As much as we say we detest people lying to us, most of us stretch the truth an average of three times during a 10-minute conversation. “The reason most people give for telling little white lies is that it’s polite, and they themselves don’t always want to hear the truth if it’s disagreeable and painful,” says Robert Feldman, Ph.D., a professor of psychology at the University of Massachusetts, Amherst, who uncovered this high level of conversational fibbing.
So, when does the truth hurt and when do we actually prefer a little alternative reality?
1. The Pinocchio Effect
A recent study at the University of Wisconsin found that politicians who lie are longer winded that those who keep their statements brief. This "Pinocchio Effect" study used linguistics software to analyze more than 500 statements already vetted as true or false. The New York Times recently fact-checked 70 statements by Republican presidential front-runner Donald Trump and other 2016 candidates, and rated three-quarters of Trump's statements as "Mostly False, False or 'Pants on Fire' (we reserve this last designation for a claim that is not only inaccurate but also ridiculous)." The good news, according to a recent study, is that many of us are embarrassed that we like liars: Voters are far more likely to say they support Donald Trump if they answer in an online poll instead of a live telephone interview.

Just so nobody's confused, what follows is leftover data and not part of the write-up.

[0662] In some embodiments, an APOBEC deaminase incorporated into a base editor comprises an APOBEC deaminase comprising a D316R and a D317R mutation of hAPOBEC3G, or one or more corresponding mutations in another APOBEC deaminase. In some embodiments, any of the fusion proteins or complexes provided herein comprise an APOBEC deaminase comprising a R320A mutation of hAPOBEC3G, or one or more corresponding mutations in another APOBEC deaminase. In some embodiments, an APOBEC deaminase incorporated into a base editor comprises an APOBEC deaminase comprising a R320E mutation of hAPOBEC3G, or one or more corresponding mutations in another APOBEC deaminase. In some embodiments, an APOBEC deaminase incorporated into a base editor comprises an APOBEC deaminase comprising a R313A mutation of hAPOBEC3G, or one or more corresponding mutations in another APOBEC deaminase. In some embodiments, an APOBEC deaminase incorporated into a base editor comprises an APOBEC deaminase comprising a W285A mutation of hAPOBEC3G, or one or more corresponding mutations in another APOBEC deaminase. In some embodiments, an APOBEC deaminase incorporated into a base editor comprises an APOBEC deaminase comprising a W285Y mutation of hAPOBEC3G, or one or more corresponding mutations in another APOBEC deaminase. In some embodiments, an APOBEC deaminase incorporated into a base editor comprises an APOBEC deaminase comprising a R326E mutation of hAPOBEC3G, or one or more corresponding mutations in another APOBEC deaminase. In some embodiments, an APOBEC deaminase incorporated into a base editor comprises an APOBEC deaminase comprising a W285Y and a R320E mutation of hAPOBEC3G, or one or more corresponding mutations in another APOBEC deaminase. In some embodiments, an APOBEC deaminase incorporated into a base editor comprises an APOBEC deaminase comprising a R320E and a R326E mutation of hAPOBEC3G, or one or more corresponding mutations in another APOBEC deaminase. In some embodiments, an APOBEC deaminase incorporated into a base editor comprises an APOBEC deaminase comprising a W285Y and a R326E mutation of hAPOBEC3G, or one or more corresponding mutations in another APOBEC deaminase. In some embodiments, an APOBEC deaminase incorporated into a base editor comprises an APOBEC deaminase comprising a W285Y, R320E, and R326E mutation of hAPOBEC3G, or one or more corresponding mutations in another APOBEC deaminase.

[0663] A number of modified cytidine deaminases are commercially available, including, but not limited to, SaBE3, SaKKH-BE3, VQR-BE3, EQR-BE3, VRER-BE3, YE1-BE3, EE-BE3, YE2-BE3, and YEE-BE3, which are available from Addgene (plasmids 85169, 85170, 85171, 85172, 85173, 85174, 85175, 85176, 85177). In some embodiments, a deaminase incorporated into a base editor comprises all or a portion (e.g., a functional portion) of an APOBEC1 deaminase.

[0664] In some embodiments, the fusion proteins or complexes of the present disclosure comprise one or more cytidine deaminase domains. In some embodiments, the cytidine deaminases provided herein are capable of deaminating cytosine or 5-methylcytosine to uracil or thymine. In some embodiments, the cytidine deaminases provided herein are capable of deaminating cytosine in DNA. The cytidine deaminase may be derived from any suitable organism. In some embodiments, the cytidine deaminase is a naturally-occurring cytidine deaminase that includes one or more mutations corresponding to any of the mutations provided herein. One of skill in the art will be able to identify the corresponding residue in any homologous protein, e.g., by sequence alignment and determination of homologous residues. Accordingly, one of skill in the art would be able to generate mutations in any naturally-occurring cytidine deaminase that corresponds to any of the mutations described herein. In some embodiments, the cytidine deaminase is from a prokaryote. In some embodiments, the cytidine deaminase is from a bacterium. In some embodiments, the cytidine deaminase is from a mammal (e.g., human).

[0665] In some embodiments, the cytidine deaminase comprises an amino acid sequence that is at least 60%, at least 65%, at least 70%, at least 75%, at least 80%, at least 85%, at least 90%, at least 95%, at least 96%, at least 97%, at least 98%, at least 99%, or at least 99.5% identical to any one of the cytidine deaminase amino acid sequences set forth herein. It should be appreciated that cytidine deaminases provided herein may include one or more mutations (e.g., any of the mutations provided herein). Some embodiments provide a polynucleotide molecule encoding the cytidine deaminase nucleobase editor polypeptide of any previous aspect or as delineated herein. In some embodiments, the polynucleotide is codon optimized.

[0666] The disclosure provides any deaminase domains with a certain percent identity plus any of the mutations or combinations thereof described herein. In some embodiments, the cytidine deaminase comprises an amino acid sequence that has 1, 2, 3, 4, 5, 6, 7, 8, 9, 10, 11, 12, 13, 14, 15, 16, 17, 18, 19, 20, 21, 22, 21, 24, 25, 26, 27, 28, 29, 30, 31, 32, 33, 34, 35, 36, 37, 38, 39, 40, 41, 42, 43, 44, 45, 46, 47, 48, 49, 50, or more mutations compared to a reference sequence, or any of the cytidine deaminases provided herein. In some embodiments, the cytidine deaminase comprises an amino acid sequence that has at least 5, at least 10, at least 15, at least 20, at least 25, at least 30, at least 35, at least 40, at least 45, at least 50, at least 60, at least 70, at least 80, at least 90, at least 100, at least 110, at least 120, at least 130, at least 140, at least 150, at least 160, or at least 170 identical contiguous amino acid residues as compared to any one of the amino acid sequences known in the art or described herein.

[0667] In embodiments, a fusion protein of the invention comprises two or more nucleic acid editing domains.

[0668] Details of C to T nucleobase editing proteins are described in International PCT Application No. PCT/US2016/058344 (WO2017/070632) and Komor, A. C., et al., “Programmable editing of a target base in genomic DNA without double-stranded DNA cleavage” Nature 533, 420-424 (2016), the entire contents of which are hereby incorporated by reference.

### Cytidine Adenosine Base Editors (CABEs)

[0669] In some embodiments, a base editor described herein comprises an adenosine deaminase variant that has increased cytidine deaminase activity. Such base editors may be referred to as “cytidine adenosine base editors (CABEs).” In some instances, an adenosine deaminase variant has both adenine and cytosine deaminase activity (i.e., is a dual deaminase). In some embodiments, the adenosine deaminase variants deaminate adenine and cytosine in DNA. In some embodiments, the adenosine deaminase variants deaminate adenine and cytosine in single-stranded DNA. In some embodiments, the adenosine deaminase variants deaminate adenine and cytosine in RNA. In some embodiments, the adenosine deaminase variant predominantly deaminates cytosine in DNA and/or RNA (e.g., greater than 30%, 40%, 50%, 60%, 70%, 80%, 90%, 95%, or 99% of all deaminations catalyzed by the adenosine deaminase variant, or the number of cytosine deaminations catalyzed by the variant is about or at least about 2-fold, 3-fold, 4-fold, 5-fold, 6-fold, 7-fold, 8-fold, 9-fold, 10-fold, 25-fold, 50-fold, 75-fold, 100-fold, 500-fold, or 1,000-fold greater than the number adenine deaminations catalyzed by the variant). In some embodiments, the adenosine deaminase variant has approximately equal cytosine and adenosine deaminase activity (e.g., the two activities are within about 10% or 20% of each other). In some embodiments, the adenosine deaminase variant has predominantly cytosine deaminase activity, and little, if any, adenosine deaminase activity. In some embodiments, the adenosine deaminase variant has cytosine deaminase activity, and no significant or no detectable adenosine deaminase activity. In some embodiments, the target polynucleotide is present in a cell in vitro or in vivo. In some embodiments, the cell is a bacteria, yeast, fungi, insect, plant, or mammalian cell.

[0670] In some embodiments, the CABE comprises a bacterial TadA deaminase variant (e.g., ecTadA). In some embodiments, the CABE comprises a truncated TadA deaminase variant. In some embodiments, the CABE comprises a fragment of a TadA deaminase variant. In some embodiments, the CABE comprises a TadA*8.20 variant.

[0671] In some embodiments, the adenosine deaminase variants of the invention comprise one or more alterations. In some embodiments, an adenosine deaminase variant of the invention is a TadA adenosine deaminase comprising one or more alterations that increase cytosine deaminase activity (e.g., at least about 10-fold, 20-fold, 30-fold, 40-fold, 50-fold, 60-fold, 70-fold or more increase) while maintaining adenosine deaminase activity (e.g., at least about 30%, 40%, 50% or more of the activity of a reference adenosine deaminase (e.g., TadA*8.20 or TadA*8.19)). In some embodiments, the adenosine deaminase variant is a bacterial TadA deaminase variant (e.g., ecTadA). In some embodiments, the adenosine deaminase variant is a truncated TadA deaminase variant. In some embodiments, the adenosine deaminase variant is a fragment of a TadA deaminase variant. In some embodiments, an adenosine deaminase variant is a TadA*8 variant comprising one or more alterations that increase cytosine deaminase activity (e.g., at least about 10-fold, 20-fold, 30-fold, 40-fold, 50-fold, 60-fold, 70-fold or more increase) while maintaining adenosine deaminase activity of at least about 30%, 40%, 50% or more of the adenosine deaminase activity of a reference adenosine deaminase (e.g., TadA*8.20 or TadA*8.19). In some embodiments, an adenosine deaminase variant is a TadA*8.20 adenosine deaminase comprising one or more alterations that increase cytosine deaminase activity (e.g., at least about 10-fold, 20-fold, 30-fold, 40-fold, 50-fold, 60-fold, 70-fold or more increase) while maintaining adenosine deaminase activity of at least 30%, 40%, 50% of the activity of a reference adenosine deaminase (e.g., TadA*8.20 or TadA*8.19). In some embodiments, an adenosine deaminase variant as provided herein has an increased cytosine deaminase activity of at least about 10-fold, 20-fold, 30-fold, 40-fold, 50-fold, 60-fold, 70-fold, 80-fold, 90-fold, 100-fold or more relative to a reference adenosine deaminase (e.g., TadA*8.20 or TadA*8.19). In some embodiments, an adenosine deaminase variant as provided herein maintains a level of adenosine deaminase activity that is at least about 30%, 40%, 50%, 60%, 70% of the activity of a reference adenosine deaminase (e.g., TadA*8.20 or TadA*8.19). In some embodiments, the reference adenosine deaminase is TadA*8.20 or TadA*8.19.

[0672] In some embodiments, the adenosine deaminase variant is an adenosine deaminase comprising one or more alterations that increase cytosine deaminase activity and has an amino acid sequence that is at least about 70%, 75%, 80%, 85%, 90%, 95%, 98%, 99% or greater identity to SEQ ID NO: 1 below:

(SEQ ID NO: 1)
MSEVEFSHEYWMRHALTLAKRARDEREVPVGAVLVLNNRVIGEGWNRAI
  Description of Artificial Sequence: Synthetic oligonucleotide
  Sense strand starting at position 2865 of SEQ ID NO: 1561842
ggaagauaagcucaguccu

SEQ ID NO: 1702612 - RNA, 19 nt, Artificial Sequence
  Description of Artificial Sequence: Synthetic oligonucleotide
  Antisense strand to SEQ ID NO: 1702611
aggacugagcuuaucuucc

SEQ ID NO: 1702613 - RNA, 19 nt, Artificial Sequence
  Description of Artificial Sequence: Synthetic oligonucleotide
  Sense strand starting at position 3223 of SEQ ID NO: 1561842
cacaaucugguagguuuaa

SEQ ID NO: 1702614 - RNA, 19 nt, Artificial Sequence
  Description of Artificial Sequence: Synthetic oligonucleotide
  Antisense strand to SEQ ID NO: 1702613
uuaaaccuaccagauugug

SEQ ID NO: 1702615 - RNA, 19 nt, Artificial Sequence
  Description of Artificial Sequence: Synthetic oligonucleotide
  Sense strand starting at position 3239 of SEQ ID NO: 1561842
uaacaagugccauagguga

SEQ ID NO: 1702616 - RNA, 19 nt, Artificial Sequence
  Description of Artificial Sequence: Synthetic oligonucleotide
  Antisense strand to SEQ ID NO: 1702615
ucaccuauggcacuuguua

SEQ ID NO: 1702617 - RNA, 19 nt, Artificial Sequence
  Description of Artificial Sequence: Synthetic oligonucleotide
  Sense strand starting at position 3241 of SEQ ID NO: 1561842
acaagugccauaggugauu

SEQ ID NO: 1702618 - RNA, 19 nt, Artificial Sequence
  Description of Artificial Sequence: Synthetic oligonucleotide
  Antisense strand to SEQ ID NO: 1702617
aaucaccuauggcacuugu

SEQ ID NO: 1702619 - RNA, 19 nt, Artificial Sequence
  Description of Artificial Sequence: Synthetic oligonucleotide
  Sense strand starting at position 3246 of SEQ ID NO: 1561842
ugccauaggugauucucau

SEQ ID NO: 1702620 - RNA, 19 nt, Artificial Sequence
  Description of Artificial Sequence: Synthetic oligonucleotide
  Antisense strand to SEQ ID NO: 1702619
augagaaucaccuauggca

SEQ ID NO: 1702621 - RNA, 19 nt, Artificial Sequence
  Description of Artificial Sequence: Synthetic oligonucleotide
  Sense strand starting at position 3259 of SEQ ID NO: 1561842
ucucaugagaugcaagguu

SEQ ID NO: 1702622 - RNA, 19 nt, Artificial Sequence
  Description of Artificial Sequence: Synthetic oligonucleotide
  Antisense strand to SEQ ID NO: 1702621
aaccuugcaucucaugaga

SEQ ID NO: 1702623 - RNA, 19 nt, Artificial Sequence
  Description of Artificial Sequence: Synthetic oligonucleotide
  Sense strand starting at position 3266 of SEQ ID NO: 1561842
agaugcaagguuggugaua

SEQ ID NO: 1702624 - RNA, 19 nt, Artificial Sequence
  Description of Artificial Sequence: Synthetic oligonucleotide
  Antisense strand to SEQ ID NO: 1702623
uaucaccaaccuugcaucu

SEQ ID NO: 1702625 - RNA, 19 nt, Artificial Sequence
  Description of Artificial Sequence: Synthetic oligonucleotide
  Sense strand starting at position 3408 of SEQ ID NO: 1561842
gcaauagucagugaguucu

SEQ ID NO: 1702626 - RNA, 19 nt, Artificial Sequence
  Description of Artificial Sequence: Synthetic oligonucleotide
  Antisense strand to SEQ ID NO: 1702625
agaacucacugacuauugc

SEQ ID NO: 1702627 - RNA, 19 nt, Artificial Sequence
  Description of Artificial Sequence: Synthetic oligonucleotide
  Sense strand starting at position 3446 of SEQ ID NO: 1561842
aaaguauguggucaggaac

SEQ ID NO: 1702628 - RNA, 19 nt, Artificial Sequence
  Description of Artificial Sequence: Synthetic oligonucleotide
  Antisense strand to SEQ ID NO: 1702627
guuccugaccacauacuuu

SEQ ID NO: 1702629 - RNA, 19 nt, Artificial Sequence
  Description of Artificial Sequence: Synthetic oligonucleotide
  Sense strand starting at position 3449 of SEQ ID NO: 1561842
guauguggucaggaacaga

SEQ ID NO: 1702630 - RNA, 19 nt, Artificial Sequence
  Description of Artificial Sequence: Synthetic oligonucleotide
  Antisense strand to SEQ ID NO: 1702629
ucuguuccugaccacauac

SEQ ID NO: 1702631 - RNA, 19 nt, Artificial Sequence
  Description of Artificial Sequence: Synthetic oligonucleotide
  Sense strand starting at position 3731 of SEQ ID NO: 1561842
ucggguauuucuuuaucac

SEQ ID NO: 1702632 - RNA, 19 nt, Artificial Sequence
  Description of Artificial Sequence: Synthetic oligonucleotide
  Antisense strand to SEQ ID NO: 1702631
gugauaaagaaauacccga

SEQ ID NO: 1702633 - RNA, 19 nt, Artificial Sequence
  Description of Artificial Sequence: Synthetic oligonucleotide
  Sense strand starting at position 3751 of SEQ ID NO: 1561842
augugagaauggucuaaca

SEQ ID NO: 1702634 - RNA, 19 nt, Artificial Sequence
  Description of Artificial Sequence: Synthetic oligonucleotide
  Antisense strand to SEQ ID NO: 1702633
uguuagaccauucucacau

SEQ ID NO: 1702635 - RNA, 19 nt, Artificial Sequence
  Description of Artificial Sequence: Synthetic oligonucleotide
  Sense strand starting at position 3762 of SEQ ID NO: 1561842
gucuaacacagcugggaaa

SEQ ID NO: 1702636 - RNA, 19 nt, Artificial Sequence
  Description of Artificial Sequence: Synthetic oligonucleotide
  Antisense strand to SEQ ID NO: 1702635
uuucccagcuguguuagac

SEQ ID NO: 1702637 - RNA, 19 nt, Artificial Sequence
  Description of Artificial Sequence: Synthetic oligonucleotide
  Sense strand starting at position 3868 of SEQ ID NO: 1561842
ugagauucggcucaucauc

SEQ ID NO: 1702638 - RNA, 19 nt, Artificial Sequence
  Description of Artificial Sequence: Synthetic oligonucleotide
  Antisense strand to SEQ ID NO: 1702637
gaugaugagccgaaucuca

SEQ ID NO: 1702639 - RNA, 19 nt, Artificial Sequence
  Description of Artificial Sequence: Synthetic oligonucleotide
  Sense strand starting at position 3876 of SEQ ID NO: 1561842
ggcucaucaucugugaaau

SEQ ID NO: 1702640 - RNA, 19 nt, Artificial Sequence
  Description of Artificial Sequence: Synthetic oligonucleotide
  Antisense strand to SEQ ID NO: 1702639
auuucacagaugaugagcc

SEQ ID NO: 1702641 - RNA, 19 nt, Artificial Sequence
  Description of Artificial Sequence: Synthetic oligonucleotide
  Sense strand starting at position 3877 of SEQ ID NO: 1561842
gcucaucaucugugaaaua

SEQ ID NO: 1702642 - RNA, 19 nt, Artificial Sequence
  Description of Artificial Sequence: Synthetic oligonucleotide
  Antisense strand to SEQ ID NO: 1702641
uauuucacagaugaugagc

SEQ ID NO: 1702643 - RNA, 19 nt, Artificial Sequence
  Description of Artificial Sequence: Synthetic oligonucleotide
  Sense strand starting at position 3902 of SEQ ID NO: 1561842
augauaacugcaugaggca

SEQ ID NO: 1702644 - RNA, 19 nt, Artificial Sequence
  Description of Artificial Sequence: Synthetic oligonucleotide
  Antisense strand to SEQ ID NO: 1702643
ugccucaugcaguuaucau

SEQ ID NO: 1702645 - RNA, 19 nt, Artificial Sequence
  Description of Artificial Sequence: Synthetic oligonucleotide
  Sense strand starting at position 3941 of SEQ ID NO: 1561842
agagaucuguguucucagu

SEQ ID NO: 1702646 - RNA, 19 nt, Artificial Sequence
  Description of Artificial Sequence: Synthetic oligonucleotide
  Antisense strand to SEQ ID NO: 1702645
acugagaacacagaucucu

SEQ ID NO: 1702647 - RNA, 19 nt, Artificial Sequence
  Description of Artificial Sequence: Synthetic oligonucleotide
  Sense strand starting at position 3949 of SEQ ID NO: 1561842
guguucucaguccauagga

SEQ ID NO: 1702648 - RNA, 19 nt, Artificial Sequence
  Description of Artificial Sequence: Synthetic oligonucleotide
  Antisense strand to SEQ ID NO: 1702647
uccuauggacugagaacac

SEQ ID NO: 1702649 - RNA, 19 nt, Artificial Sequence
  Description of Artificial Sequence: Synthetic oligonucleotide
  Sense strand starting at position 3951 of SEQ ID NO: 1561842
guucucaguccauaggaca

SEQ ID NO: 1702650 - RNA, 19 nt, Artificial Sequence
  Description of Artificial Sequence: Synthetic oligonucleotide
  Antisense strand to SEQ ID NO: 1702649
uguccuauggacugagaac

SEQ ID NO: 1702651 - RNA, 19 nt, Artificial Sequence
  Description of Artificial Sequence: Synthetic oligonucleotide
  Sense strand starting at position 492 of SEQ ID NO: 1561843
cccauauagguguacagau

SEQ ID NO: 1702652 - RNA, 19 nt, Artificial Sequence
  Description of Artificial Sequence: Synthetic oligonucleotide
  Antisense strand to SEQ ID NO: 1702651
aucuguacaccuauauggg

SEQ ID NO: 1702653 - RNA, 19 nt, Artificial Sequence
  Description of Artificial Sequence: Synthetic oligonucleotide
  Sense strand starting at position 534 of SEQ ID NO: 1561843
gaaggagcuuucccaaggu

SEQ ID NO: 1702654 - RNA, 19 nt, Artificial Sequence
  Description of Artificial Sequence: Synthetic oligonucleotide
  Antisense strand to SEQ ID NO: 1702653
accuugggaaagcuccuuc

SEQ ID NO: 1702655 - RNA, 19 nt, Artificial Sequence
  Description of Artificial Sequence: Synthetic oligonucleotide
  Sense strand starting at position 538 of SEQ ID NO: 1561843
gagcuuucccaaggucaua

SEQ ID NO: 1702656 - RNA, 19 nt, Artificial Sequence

2. The Truth Can Ruin Your Appetite
A recent poll on the Zagat Survey's website asked restaurant goers if they like to see nutritional information on menus, and over 68 percent said, "No thanks!” As CEO Tim Zagat explains, “Many people dine out for entertainment and pleasure; therefore, they are less inclined to calorie count or obsess over the nutritional information. Patrons who are health conscious are already aware of what dishes are in line with their diets."
3. If You Love Me, You’ll Lie to Me
“Children receive mixed messages in this society—we punish them for lying but tell them it’s rude to say they don’t like a Christmas gift,” says Bella DePaulo, Ph.D., who headed a study on liars at the University of Virginia, in which college students reported lying to their parents at least 50 percent of the time. “The result," she says, "is that they grow up lying to us and justify it by saying it’s to spare our feelings.”
4. Falling in Love with Lies
Not only do people routinely lie to each other when dating but, surprisingly, many people accept deception as a routine part of the courting ritual. DePaulo surveyed 147 people age 18 to 71 and found that 100 percent of dating couples copped to lying to their beloved at least a third of the time. Feldman, who has also studied deception between the sexes, found that women fib more often than men because they don’t want to hurt the other person’s feelings, while men are more likely to be stretching the truth to make themselves look better.
Jennifer Haupt is a freelance writer in Seattle, Washington.